Activists arrested ahead of US's 1 000th execution

Sixteen anti-death penalty activists were arrested late on Thursday in Raleigh, North Carolina, outside a prison that is scheduled to carry out the 1 000th execution in the United States since capital punishment was reinstated in 1976.

The 16 broke away from a group of 200 protesters gathered on an avenue bordering the prison, marched toward the prison and began kneeling and sitting when confronted by police.

“We’re here to stop the execution,” shouted one member of the group calling itself “The Parks Affinity Group” after the late Rosa Parks, a black seamstress who by refusing to give up her seat to a white bus passenger 50 years ago set the civil rights movement in motion.

The protesters were handcuffed by police and some were carried to an awaiting van and a bus as they were arrested.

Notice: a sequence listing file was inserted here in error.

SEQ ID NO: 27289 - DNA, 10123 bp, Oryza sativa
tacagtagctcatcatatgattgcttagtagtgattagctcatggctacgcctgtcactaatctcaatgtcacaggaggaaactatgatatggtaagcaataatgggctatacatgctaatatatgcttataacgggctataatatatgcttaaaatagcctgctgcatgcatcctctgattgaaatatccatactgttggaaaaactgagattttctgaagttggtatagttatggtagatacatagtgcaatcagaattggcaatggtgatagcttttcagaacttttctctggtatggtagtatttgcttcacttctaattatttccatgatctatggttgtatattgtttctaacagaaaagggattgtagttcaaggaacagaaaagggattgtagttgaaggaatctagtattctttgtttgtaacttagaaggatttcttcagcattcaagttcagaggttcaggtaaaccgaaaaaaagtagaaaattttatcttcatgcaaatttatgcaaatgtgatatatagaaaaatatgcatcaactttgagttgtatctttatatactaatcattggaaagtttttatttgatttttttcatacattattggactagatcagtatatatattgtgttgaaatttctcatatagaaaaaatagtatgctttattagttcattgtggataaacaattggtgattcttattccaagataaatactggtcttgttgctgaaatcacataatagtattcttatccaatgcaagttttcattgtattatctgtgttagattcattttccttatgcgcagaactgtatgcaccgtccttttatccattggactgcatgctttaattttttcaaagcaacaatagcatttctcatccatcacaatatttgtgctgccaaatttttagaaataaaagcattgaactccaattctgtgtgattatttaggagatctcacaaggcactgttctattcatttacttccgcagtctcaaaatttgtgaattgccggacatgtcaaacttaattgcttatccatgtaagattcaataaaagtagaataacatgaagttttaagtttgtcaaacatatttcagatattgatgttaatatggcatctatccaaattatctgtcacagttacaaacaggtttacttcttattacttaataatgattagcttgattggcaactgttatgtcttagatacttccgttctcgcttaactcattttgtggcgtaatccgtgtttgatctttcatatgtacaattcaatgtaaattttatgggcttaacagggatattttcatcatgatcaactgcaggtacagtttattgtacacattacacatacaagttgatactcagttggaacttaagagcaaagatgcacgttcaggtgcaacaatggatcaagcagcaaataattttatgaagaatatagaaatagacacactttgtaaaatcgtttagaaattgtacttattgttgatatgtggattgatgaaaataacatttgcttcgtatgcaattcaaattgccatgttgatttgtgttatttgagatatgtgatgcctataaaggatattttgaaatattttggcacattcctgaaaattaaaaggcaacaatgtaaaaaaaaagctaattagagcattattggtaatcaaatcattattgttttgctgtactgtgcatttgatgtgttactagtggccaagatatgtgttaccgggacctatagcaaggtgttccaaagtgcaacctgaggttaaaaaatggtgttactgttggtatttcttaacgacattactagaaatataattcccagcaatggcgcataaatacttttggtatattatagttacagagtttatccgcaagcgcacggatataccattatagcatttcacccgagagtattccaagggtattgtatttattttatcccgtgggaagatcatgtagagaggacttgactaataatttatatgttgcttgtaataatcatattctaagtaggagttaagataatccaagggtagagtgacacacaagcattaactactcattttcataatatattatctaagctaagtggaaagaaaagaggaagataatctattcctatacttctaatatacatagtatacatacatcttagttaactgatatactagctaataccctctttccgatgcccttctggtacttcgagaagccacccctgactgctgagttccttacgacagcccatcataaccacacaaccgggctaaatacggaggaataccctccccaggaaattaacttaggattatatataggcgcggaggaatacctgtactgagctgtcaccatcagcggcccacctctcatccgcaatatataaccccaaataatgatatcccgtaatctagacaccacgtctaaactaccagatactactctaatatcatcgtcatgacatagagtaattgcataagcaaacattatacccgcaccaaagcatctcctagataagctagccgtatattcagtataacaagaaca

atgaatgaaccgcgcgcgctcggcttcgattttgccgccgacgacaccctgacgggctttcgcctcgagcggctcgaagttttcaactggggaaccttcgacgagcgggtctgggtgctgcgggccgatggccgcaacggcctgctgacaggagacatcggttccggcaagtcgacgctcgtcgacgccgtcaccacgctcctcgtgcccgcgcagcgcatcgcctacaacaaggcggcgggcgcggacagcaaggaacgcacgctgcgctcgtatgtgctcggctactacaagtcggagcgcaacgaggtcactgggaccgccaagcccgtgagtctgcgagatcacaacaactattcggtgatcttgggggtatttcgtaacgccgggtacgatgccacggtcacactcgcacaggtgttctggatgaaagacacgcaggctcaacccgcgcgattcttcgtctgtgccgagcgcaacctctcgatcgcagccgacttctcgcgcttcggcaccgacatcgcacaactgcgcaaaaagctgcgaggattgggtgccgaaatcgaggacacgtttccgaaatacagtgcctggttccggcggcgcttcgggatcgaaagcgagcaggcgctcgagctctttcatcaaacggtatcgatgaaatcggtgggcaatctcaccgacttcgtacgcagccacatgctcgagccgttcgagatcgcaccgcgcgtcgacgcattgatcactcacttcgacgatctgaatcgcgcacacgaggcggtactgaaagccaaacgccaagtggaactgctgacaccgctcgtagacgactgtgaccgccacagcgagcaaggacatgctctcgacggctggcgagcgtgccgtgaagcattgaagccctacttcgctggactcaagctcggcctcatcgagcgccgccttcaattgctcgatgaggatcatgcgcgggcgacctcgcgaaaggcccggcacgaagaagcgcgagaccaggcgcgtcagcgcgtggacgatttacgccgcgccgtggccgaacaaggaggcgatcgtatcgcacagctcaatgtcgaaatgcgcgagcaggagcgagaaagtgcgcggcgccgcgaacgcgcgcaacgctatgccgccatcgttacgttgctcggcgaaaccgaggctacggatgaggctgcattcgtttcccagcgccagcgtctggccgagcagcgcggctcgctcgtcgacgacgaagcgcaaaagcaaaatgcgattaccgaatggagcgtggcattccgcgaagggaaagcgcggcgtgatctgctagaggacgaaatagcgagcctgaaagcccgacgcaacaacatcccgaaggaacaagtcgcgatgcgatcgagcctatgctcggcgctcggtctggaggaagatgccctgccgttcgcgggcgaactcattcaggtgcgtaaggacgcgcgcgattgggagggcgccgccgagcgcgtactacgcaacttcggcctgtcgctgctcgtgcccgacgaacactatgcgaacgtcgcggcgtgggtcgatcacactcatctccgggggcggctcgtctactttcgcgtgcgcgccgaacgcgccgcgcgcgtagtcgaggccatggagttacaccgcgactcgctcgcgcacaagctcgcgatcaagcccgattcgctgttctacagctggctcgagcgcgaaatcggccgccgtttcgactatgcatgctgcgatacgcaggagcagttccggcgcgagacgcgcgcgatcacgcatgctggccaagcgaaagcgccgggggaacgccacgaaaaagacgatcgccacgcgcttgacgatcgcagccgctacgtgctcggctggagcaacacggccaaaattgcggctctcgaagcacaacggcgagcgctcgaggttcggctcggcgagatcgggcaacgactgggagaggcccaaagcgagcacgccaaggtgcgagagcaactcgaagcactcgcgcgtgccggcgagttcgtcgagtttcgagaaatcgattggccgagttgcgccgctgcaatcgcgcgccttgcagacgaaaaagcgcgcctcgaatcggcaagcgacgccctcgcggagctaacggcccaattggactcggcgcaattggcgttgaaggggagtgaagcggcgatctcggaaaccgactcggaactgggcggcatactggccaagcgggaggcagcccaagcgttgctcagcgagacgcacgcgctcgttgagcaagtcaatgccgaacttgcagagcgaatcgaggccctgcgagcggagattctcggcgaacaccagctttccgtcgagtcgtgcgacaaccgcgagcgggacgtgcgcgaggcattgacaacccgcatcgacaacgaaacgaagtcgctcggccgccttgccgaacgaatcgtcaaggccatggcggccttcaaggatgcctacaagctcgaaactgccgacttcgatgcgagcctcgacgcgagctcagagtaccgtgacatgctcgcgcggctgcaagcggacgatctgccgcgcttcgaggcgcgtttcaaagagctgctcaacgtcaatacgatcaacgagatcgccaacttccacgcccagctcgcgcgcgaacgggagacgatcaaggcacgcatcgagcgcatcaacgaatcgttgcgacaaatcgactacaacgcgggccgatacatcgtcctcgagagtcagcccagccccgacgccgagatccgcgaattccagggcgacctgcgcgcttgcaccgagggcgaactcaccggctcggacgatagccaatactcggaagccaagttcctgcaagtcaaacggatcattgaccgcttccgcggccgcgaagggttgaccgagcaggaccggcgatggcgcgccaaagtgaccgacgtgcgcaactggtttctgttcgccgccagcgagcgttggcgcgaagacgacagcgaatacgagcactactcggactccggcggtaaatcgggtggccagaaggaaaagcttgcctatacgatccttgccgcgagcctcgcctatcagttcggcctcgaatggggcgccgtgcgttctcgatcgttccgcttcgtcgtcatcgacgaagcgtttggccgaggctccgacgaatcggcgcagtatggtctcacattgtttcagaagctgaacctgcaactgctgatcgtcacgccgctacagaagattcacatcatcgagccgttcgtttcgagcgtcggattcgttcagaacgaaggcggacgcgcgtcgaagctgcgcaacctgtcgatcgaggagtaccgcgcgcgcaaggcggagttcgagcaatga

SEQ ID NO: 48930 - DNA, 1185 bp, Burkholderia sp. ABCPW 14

“This was a peaceful demonstration,” said local chief of police Scott Hunter. “They just violated the rules,” he added, meaning the group had a permit to demonstrate on the street that did not extend to the prison, which is state property.

After the arrests, the other demonstrators began taking turns reciting the names of all the inmates put to death in this country since 1976.

Convicted double murderer Kenneth Boyd is scheduled to die by lethal injection at 2am (7am GMT) on Friday, making him the 1 000th person to be executed in the United States in the last 29 years.

The Supreme Court ruled in 1976 that executions were allowable under the US Constitution, which forbids cruel and unusual punishment.

“The 1 000th execution is a significant event in the nation’s 30-year experiment with capital punishment,” said Richard Dieter, director of the Washington-based Death Penalty Information Centre.

“But it is not indicative of an expanding or strongly endorsed use of capital punishment,” Dieter said.

“The impending milestone occurs at a time when the country is sharply moving away from the use of the death penalty.” - AFP